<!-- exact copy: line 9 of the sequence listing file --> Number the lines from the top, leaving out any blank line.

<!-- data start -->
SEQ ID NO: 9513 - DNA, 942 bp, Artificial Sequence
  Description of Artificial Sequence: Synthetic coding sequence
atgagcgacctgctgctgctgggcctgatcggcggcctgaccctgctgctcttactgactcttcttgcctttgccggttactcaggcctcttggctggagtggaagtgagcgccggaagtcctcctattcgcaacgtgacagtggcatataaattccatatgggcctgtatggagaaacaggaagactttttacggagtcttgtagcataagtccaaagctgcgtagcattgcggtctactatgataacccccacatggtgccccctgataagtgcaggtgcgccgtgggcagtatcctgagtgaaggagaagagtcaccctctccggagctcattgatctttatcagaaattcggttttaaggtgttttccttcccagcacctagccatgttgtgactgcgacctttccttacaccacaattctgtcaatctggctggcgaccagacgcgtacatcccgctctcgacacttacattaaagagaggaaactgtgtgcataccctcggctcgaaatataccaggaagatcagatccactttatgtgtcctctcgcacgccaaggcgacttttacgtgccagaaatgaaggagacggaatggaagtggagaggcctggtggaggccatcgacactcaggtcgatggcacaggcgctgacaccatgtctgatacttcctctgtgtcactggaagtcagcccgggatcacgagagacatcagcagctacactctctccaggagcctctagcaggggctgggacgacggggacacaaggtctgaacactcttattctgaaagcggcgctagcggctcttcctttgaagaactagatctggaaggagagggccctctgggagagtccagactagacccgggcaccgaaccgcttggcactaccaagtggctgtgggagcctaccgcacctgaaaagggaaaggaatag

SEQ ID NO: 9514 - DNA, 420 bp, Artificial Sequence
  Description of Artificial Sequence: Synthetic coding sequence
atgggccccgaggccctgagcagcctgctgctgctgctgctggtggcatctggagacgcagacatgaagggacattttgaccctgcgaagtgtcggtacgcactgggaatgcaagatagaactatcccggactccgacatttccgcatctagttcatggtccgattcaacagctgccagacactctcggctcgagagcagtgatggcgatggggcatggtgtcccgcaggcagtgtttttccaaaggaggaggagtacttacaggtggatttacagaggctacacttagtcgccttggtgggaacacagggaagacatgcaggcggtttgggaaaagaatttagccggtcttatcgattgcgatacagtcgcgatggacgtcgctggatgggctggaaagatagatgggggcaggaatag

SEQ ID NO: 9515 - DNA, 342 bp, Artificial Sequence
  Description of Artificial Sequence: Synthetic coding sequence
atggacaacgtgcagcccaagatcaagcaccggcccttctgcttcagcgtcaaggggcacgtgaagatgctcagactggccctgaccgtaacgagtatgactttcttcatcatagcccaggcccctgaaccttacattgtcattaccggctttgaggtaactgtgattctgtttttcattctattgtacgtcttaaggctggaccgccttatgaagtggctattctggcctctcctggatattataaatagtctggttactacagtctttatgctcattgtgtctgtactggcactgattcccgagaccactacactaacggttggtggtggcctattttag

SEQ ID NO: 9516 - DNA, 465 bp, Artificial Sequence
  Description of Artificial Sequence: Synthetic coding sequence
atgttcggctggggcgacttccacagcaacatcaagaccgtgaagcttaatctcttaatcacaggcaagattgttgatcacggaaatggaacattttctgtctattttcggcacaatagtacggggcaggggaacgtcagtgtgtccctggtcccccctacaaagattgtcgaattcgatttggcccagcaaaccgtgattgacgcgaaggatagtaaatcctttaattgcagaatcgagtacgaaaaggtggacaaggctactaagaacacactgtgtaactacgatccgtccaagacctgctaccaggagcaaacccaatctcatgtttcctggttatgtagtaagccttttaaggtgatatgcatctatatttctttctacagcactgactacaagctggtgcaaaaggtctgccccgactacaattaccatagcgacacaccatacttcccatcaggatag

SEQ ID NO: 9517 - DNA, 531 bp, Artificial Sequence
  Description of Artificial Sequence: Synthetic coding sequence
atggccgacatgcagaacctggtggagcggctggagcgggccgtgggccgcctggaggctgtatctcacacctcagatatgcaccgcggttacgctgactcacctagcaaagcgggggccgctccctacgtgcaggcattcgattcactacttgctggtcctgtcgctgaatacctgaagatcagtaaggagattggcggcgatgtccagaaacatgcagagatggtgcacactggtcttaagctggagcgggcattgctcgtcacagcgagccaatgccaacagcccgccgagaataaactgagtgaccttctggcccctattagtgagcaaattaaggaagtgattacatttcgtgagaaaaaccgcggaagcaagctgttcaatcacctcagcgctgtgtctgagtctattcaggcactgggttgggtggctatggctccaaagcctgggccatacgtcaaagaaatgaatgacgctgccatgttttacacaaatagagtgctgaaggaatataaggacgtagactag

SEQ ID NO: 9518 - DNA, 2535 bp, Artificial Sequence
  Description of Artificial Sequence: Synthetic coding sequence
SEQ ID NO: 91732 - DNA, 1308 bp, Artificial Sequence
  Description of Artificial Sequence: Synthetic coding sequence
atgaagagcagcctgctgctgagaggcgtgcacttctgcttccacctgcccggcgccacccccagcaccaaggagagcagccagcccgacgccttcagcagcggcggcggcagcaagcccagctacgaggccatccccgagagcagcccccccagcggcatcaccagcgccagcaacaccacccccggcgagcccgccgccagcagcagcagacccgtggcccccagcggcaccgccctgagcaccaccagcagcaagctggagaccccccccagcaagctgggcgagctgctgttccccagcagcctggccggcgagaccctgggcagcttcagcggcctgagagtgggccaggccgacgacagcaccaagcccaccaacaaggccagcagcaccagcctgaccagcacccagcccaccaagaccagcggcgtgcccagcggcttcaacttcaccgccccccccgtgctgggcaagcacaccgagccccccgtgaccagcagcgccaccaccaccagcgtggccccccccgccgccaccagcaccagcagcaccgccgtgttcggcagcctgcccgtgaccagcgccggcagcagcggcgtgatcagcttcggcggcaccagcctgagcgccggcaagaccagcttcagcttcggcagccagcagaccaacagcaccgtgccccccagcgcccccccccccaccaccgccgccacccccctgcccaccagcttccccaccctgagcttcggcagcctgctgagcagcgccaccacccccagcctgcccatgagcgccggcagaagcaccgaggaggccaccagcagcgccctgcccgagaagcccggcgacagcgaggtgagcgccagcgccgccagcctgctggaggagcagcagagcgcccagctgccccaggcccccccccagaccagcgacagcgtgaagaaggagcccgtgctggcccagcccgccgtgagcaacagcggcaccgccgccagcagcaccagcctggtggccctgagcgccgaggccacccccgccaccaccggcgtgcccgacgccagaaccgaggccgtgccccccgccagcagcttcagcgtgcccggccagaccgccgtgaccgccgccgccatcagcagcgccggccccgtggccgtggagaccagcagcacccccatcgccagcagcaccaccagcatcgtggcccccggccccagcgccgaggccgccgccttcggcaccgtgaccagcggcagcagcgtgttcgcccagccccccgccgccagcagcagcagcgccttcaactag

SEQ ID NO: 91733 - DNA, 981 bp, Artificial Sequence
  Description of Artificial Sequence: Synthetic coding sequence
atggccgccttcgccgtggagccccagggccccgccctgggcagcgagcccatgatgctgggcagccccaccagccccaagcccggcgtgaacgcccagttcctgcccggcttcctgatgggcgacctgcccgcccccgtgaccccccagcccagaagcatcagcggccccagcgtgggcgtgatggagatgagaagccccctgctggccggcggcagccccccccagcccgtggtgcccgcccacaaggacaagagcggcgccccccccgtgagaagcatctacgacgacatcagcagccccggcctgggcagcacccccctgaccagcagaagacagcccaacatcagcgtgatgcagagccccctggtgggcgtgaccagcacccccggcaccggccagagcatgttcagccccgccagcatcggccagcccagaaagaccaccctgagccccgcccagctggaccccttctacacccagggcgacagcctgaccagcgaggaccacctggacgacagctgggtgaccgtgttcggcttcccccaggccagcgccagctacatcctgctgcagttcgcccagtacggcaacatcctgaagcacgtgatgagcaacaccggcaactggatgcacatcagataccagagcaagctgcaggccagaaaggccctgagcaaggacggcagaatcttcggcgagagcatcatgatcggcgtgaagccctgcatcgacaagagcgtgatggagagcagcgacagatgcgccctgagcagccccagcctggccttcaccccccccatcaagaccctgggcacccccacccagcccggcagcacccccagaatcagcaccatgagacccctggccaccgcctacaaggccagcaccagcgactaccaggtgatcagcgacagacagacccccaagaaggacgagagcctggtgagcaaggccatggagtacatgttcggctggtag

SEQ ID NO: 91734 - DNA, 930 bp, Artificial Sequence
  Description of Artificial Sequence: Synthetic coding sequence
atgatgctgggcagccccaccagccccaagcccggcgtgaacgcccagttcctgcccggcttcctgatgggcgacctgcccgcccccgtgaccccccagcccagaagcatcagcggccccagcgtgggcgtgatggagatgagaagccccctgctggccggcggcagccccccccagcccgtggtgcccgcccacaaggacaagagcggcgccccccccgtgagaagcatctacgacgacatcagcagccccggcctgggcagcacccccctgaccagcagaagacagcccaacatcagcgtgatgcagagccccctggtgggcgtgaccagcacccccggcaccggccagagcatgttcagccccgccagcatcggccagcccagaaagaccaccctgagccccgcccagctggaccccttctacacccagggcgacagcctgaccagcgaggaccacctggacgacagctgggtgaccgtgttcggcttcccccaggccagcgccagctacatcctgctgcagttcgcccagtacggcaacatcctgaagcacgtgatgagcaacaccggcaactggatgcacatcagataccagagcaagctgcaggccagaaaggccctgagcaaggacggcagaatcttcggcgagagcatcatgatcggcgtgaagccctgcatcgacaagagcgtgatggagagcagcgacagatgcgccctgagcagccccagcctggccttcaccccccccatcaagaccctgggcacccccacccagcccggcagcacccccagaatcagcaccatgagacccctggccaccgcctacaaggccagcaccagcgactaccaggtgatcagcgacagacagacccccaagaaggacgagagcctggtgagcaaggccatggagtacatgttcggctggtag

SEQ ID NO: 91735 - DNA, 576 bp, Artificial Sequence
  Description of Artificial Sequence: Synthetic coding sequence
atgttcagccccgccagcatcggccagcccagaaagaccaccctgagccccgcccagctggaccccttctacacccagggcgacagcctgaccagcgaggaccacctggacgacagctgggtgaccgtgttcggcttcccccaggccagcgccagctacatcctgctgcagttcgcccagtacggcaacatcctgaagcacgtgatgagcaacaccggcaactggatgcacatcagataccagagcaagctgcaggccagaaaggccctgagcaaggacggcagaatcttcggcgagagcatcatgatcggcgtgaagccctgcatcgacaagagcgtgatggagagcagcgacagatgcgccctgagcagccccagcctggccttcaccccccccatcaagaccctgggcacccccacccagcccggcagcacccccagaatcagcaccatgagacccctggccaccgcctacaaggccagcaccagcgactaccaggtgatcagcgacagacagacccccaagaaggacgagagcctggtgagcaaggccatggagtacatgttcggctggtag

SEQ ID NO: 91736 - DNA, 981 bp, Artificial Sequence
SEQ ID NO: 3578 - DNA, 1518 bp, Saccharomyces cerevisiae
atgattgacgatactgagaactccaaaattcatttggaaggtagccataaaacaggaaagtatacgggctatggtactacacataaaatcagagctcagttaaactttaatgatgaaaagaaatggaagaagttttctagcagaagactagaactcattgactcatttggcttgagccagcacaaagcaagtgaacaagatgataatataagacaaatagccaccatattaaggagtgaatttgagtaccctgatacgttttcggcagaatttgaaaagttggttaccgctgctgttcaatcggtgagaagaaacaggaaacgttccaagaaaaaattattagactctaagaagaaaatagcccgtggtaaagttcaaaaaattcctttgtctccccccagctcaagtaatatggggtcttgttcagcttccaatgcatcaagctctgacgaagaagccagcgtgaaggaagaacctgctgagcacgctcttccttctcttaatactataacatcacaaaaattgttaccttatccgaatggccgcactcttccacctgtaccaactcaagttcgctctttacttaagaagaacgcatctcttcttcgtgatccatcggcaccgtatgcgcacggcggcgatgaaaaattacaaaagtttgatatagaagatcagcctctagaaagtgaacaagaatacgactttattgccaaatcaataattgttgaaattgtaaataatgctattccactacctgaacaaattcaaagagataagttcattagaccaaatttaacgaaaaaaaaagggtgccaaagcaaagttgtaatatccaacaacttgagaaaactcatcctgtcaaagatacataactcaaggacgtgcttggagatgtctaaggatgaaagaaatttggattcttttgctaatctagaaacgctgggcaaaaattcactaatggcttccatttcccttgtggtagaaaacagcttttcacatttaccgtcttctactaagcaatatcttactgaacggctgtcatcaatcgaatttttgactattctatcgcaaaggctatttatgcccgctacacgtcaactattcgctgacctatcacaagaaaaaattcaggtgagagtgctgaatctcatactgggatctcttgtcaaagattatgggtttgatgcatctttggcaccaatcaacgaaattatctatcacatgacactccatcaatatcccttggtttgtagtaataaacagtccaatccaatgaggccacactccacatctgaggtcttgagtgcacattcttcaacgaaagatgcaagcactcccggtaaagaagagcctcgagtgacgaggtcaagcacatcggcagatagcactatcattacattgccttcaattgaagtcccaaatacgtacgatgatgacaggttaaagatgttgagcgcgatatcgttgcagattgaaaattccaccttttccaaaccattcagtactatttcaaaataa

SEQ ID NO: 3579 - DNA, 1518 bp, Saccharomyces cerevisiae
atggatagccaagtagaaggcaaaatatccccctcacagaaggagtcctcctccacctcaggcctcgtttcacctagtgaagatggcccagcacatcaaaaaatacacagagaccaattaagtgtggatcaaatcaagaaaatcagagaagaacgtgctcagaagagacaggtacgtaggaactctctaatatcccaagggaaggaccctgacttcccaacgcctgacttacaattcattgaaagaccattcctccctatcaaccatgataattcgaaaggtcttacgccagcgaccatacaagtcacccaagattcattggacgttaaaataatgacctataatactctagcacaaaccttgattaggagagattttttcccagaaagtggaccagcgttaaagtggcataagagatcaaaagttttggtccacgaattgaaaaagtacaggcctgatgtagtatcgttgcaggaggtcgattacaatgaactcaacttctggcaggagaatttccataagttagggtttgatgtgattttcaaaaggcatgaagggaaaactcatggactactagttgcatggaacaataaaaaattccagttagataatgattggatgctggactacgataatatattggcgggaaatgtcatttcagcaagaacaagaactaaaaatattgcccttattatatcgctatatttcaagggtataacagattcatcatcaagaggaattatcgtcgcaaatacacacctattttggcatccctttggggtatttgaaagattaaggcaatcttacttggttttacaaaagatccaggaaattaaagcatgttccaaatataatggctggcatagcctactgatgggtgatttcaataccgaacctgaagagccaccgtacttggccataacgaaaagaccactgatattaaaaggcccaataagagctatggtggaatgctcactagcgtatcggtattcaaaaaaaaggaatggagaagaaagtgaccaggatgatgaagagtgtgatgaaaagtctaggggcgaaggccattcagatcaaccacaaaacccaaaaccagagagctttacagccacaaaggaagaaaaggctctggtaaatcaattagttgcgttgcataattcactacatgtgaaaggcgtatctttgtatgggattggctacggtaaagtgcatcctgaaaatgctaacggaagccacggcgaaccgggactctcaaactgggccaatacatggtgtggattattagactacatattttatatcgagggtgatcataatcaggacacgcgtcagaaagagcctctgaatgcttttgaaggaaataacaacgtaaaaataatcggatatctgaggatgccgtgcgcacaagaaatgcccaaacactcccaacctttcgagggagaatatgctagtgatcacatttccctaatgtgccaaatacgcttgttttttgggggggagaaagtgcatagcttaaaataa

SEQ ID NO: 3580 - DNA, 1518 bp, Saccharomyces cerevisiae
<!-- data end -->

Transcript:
atggacaacgtgcagcccaagatcaagcaccggcccttctgcttcagcgtcaaggggcacgtgaagatgctcagactggccctgaccgtaacgagtatgactttcttcatcatagcccaggcccctgaaccttacattgtcattaccggctttgaggtaactgtgattctgtttttcattctattgtacgtcttaaggctggaccgccttatgaagtggctattctggcctctcctggatattataaatagtctggttactacagtctttatgctcattgtgtctgtactggcactgattcccgagaccactacactaacggttggtggtggcctattttag